New UST tiger statue becomes ‘wishing well’ during students’ prelims week

October 6, 2022 - 7:00 PM
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The tiger statue at the University of Santo Tomas' Plaza Mayor. (Interaksyon/James Patrick Cruz)

The newly upgraded iconic tiger statue of the University of Santo Tomas has suddenly become a “wishing well” for some of its students during their week of preliminary examinations.

Pictures of the Bengal tiger having a calamansi, coins, a P1,000 bill, financial cards and an instant noodle pack on the inside of its roaring mouth have been recently going viral.

The digital counterpart of Pilipino Star Ngayon (PSN) reported that James Mercado posted a picture of the statue with a calamansi, claiming it will manifest “calamansi” grades or those that are 90% and above.

“Prelims [preliminary] week kasi namin now. Majority of the different colleges and faculties ay nag-he-held na ng preliminary exams nila face-to-face. Desperate times call for desperate measures ika nga nila, and parang ginawa na ngang wishing well ang tiger,” he was quoted as saying.

“Ang funny dun is may calamansi rin na nakalagay. In-explain ko sa [isang] thread ano meaning ng calamansi for the Thomasians HAHAHA,” Mercado added.

Explained PH also reported that some students also offered a bill and a debit and credit card to the tiger for “higher chances of high grades.”

“I thought na it would be funny kung mas bobonggahan namin ‘yung alay namin para mas mataas ‘yung chances na mataas ‘yung grades na makuha namin for the prelims, as well as for the upcoming long tests and practicals pa for our block,” Jaimie Panganiban was quoted as saying.

The report said that the gimmick stemmed from Thomasians’ belief that the tiger statue allegedly brings them luck in their studies.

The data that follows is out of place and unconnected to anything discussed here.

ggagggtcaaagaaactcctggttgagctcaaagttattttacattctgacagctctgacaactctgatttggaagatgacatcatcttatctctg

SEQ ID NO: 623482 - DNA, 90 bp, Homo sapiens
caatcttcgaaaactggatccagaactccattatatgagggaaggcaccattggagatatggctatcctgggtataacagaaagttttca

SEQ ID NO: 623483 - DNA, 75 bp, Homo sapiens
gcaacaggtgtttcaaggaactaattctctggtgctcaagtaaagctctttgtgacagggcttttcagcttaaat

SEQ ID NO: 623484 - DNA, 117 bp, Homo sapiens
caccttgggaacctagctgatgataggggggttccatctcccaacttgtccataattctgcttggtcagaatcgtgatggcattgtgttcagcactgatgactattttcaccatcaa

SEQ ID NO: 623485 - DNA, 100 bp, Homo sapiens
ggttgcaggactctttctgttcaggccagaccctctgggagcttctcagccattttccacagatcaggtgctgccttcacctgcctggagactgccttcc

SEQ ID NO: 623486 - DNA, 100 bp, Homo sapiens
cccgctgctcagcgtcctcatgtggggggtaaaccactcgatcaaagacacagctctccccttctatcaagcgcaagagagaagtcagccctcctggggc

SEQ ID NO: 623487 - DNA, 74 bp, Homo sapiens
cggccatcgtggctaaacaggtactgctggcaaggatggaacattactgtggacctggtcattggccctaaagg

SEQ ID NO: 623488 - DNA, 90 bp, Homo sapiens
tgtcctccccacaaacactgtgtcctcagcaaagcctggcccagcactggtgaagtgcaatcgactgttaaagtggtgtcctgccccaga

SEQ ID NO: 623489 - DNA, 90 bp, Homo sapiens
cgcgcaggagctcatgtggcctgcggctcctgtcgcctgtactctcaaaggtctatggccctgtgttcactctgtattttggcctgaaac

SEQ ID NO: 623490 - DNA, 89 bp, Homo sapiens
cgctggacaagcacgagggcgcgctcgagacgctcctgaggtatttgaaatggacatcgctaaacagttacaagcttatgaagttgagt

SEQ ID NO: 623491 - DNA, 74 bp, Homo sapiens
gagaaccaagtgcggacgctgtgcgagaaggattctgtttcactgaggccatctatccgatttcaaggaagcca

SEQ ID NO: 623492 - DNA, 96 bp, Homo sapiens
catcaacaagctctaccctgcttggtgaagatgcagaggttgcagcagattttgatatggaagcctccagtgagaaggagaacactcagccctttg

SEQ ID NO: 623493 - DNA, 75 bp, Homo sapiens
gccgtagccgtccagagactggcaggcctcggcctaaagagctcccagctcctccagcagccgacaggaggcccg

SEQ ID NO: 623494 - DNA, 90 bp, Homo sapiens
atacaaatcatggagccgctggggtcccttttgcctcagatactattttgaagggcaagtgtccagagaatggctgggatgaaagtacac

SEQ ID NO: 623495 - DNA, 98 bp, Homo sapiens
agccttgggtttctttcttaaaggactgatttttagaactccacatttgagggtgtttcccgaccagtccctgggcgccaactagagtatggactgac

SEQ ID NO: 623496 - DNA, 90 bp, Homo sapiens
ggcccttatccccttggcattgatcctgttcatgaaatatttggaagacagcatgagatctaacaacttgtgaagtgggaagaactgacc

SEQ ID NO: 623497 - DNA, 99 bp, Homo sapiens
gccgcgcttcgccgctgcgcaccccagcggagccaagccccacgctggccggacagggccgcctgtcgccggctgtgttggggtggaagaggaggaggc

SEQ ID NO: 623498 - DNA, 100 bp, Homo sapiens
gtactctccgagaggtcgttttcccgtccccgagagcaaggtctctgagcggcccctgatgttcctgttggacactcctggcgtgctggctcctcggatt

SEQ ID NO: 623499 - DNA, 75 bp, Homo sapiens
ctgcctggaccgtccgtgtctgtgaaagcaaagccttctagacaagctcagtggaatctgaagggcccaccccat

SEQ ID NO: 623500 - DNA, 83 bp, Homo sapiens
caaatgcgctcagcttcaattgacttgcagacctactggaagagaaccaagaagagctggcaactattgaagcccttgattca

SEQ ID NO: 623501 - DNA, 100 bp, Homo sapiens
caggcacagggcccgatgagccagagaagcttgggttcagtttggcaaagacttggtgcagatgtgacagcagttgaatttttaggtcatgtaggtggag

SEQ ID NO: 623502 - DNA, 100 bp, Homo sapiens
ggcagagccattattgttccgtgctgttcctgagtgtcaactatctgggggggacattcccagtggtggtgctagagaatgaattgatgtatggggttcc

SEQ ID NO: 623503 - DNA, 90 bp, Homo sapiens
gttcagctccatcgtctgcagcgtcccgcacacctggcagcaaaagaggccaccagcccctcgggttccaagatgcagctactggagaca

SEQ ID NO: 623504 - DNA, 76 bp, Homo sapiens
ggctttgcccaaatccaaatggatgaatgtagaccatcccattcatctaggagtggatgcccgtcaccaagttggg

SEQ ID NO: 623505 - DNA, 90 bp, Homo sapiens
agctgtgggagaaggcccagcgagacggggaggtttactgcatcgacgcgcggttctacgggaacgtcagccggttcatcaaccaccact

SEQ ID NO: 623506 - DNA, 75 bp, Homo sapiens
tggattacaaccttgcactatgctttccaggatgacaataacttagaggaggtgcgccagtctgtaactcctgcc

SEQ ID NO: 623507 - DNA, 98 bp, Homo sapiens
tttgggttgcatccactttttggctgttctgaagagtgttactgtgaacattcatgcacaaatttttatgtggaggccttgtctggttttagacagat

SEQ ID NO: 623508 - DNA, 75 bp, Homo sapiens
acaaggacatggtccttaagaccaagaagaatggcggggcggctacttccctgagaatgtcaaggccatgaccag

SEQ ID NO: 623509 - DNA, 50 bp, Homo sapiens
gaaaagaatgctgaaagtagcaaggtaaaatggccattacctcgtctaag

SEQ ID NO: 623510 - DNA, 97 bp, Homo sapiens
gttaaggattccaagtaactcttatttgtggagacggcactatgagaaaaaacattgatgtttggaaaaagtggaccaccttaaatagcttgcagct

For Jaimie, however, the statue symbolizes “hope.”

“‘Di lang naman madadaan sa swerte swerte ‘yung mga practicals, prelims, and the likes. What we do need is hope, and yung ‘pag-aalay’ sa tiger is a lighthearted way for us to have hope na makapasa sa exams namin,” she said.

UST student publication The Varsitarian also shared pictures of coins inside the tiger statue’s mouth.

“The new tiger statue at the Plaza Mayor has seemingly become a wishing well for Thomasians this prelims week as test takers fill its mouth with coins,” it captioned on a Facebook post.

Meanwhile, UST Facilities Management Office director Fr. Dexter Austria O.P. reminded students that the tiger statue “is not an object of devotion, to begin with.”

“More than our moral obligation to take good care of our properties in UST, catechesis is urgently needed if we want to be faithful to the Church teachings as Thomasians,” he said on Facebook.

“Pray to God through the saints for intercession instead. #justsaying,” Austria added.

The priest accompanied his post with a picture of the tiger statue with a pack of instant noodles in its mouth. A close look reveals a sticky note pasted on the pack.

Last month, the university unveiled its new tiger statue which was an upgrade from its previous structures.

The new version stands at eight feet and is closer in resemblance to actual Bengal tigers.

The tiger statue was designed by Anthony Zamora, a former UST College of Fine Arts and Design faculty member.

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